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Professional News
'Most-Cited Psychoanalyst' Continues Pioneering Ways
Psychiatric News
Volume 43 Number 7 page 12-48
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Otto Kernberg. M.D., is credited for doing pioneering work on borderline personality disorder. 

Credit: Otto Kernberg, M.D.

At age 79, Otto Kernberg, M.D., has a glistening pate and a mischievous smile. His english is perfect, but occasionally his intonation is intriguing—is it German or Spanish? and he exudes a lot of gravitas in the worlds of psychoanalysis and psychiatry.

"He is, without a doubt, the most productive psychiatrist and psychoanalyst I've ever met," Glen Gabbard, M.D., chair of psychoanalysis and professor of psychiatry at Baylor College of Medicine, told Psychiatric News. "He has an intellectual and clinical curiosity that has led him to be one of the leading thinkers in psychiatry and psychoanalysis. He is also the most-cited psychoanalyst in the world literature."

"He is one of the most active and energetic people I've ever known," Frank yeomans, M.D., a clinical associate professor of psychiatry at Cornell university Weill Medical College, said in an interview." It is astonishing how much he can do, how much he teach... in addition to all his writing and seeing patients. It is remarkable because a lot of people of his stature don't do direct patient work anymore."

Added John Oldham, M.D., senior vice president of the Menninger Clinic:" He is extremely committed, dedicated, hardworking—a very concerned professional educator with a giant of an intellect. He has been extremely influential in the field of psychoanalysis and increasingly in the broad field of clinical work with patients."

Kernberg's professional odyssey started, most appropriately, in the city of Freud—Vienna—where he was born in 1928. After Hitler's annexation of Austria in 1938, Kernberg and his family fled first to Italy, then to Chile, where he attended high school, university, and medical school and where he became a psychiatrist. A fellowship at Rockefeller University brought him to the United States. After that, he worked at Johns Hopkins University and the Menninger Foundation. He then became a professor of psychiatry at Cornell University, where he is still working and researching.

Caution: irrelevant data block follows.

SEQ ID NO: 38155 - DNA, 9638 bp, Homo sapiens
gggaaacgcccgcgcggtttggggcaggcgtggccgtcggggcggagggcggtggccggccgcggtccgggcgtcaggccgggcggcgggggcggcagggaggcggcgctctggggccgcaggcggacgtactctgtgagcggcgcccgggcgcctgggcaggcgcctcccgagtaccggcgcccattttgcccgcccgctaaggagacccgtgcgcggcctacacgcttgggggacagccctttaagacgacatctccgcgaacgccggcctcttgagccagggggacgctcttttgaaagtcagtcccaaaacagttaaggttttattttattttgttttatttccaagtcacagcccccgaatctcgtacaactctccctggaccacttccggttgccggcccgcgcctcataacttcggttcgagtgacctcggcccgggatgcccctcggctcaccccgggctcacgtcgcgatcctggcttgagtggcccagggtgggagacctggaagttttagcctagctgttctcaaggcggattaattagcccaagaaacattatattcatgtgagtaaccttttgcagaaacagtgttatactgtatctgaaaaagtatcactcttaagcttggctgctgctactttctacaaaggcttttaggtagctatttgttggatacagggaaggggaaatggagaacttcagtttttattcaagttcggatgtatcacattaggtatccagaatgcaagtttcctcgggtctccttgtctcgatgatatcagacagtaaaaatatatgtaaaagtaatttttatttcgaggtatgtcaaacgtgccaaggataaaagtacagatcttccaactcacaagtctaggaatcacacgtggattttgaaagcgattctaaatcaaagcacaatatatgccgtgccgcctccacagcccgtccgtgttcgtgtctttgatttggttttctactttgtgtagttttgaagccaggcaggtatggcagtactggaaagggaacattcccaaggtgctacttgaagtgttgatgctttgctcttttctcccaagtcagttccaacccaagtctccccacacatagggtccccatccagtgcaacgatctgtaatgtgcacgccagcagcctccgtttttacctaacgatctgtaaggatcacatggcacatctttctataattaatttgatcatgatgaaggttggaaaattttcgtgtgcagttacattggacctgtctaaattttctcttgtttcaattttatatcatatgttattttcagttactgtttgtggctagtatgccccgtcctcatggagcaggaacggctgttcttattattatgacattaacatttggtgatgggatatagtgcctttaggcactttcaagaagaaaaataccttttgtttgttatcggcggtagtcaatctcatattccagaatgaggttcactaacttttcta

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One of his major contributions, his colleagues believe, is that he integrated the object-relations theory of psychoanalyst Melanie Klein into American ego psychology, which was the reigning psychoanalytic model in the 1950s and for decades after that. "He largely made Kleinian thinking legitimate before most Americans knew about it," said Gabbard.

"He was instrumental in identifying the borderline personality disorder as a major entity in psychiatry long before it appeared in the DSM," Gabbard pointed out. "He was the first person to come up with a comprehensive psychodynamic understanding of what borderline psychopathology is. All of the subsequent contributions to the literature are indebted to him for that. We now think that borderline personality disorder may be present in as many as 20 percent of inpatients; before Kernberg, many of these patients were misdiagnosed."

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"His most important contribution, or at least the one that has meant the most to me, is that he excited an interest in, and an enthusiasm for, treating borderline patients by a whole generation of clinicians who previously had been both disinterested and unenthusiastic," John Gunderson, M.D., said. In addition to being a professor of psychiatry at Harvard Medical School, Gunderson is director of the Borderline Treatment and Research Center at McLean Hospital.

Kernberg has also made tremendous contributions to the diagnosis and treatment of narcissistic personality disorder, his colleagues said." Many of his ideas about the diagnosis have shaped the DSM-IV category of narcissistic personality disorder," Gabbard said.